Home > Humor > An open letter to “Grammar Nazis”

An open letter to “Grammar Nazis”

From an old (inadvertently) deleted post

Dear Grammar Nazi,

Next time you’re tempted to proudly proclaim yourself a “Grammar Nazi” after smacking down someone’s bad grammar in conversation, please consider asking yourself, “Would I rather win at grammar or life?”

When you choose the latter and act accordingly, everyone wins!


p.s. Grammar enthusiasts, never fear! Everyone wins when you spread your grammar love while riding over rainbows on your sparkly unicorns.

This was among posts accidentally deleted from this blog.
(See here for delightful original comments.)
Reposted 9/3/15

  1. September 3, 2015 at 5:37 am

    I’m so glad you reposted because YOU are always delightful! ❤

  2. NotAPunkRocker
    September 3, 2015 at 6:28 am

    I think the term “grammar nazi” needs to be retired along with “drinking the kool-aid”.

    And you are right…pick your battles in life, people. 🙂

    • September 3, 2015 at 6:33 am

      I can’t believe people still proudly self-identify that way!

      Grammar enthusiasts FTW. 🙂

    • September 5, 2015 at 4:14 pm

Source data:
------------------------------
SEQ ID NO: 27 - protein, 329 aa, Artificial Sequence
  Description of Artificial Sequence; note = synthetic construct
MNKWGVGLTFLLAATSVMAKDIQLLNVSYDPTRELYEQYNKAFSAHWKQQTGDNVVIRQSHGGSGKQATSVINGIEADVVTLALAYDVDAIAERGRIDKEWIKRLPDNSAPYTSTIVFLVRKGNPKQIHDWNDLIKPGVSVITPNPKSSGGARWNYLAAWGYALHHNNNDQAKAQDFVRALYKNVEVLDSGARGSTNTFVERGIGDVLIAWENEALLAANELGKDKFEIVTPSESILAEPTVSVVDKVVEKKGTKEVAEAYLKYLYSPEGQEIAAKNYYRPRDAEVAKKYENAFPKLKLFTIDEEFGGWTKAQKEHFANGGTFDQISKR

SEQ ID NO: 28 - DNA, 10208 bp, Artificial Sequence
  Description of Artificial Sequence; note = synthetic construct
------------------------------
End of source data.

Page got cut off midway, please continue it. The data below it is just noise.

I agree. I can be very nitpicky about grammar (although I’ve decided to win at life over grammar… for the most part), but I’ve stopped using the term “grammar nazi”. Using it reduces the horror associated with that word and we shouldn’t do that.

      • September 5, 2015 at 7:49 pm

        I use the phrase here because it’s a phrase I’ve heard used–horrifyingly enough–proudly. It was a phrase used proudly by someone in the process of policing grammar the day this post was inspired.

        As long as people continue using the phrase to describe something not especially pride-worthy of which they’re proud, I’ll continue using it to describe them. I’ll do this for the same reason I actually spell out “the n-word” when it’s been used: actually saying “the n-word,” instead of the word itself as it was actually used, creates the cozy illusion that the hateful word itself is no longer used anywhere. It is used, and replacing it with something gentler in retelling–as if to pretend it’s not–means I am taking part in representing an artificial reality many people unfortunately perceive as truth.

        While I won’t autonomously call people “grammar nazis,” I will/do (a) ask people if they’re aware they’re grammar policing and (b) use the phrase they actually use to describe themselves. I’ll do so with special emphasis on the latter word in “grammar nazi,” for I perceive power-hungry, perfection-mongering roots behind each. I believe there’s merit in acknowledging that, out loud, using the same words some people use to describe themselves and others in the hopes they’ll reflect further on whether it’s really a designation they’d like applied to them … by anyone, ever, including themselves.

      • NotAPunkRocker
        September 5, 2015 at 9:46 pm

        Exactly, and same reason I hate the other phrase I mentioned.

  3. September 3, 2015 at 7:32 am

    You are always so funny and delightful. Thanks for making me smile.

  4. September 3, 2015 at 7:37 am